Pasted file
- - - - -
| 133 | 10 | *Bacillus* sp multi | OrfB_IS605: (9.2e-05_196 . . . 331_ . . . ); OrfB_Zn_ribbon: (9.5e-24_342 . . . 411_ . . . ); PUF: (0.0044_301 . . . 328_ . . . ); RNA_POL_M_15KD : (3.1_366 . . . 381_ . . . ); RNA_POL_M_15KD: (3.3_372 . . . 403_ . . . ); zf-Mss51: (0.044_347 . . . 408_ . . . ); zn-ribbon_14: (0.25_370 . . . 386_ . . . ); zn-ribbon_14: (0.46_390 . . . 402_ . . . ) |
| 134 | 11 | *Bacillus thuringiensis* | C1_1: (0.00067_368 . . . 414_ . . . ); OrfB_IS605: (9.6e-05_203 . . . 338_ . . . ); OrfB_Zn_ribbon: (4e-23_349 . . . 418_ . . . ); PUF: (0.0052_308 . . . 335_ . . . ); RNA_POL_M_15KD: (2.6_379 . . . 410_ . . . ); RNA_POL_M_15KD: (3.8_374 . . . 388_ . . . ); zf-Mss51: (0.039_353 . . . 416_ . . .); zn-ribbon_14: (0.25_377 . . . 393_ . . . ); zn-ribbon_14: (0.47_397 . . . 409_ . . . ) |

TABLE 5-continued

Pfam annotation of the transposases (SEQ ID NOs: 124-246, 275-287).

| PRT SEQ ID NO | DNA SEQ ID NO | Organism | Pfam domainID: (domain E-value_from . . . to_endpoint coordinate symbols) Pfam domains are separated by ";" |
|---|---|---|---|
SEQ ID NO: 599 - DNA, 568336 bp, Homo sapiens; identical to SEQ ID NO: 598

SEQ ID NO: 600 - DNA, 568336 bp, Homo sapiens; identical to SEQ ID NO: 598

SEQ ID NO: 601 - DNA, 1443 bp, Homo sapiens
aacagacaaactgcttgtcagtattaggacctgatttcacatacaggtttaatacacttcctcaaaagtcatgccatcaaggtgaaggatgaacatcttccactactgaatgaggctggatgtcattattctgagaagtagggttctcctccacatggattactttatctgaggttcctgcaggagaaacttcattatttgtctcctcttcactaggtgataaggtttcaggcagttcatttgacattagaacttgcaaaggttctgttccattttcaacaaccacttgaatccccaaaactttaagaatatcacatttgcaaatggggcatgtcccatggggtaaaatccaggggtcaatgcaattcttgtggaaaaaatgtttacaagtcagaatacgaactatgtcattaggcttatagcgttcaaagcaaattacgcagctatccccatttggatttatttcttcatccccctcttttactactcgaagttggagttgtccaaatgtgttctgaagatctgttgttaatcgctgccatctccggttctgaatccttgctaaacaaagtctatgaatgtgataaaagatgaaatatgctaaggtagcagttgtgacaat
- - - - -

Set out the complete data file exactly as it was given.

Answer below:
| 133 | 10 | *Bacillus* sp multi | OrfB_IS605: (9.2e-05_196 . . . 331_ . . . ); OrfB_Zn_ribbon: (9.5e-24_342 . . . 411_ . . . ); PUF: (0.0044_301 . . . 328_ . . . ); RNA_POL_M_15KD : (3.1_366 . . . 381_ . . . ); RNA_POL_M_15KD: (3.3_372 . . . 403_ . . . ); zf-Mss51: (0.044_347 . . . 408_ . . . ); zn-ribbon_14: (0.25_370 . . . 386_ . . . ); zn-ribbon_14: (0.46_390 . . . 402_ . . . ) |
| 134 | 11 | *Bacillus thuringiensis* | C1_1: (0.00067_368 . . . 414_ . . . ); OrfB_IS605: (9.6e-05_203 . . . 338_ . . . ); OrfB_Zn_ribbon: (4e-23_349 . . . 418_ . . . ); PUF: (0.0052_308 . . . 335_ . . . ); RNA_POL_M_15KD: (2.6_379 . . . 410_ . . . ); RNA_POL_M_15KD: (3.8_374 . . . 388_ . . . ); zf-Mss51: (0.039_353 . . . 416_ . . .); zn-ribbon_14: (0.25_377 . . . 393_ . . . ); zn-ribbon_14: (0.47_397 . . . 409_ . . . ) |

TABLE 5-continued

Pfam annotation of the transposases (SEQ ID NOs: 124-246, 275-287).

| PRT SEQ ID NO | DNA SEQ ID NO | Organism | Pfam domainID: (domain E-value_from . . . to_endpoint coordinate symbols) Pfam domains are separated by ";" |
|---|---|---|---|
SEQ ID NO: 599 - DNA, 568336 bp, Homo sapiens; identical to SEQ ID NO: 598

SEQ ID NO: 600 - DNA, 568336 bp, Homo sapiens; identical to SEQ ID NO: 598

SEQ ID NO: 601 - DNA, 1443 bp, Homo sapiens
aacagacaaactgcttgtcagtattaggacctgatttcacatacaggtttaatacacttcctcaaaagtcatgccatcaaggtgaaggatgaacatcttccactactgaatgaggctggatgtcattattctgagaagtagggttctcctccacatggattactttatctgaggttcctgcaggagaaacttcattatttgtctcctcttcactaggtgataaggtttcaggcagttcatttgacattagaacttgcaaaggttctgttccattttcaacaaccacttgaatccccaaaactttaagaatatcacatttgcaaatggggcatgtcccatggggtaaaatccaggggtcaatgcaattcttgtggaaaaaatgtttacaagtcagaatacgaactatgtcattaggcttatagcgttcaaagcaaattacgcagctatccccatttggatttatttcttcatccccctcttttactactcgaagttggagttgtccaaatgtgttctgaagatctgttgttaatcgctgccatctccggttctgaatccttgctaaacaaagtctatgaatgtgataaaagatgaaatatgctaaggtagcagttgtgacaat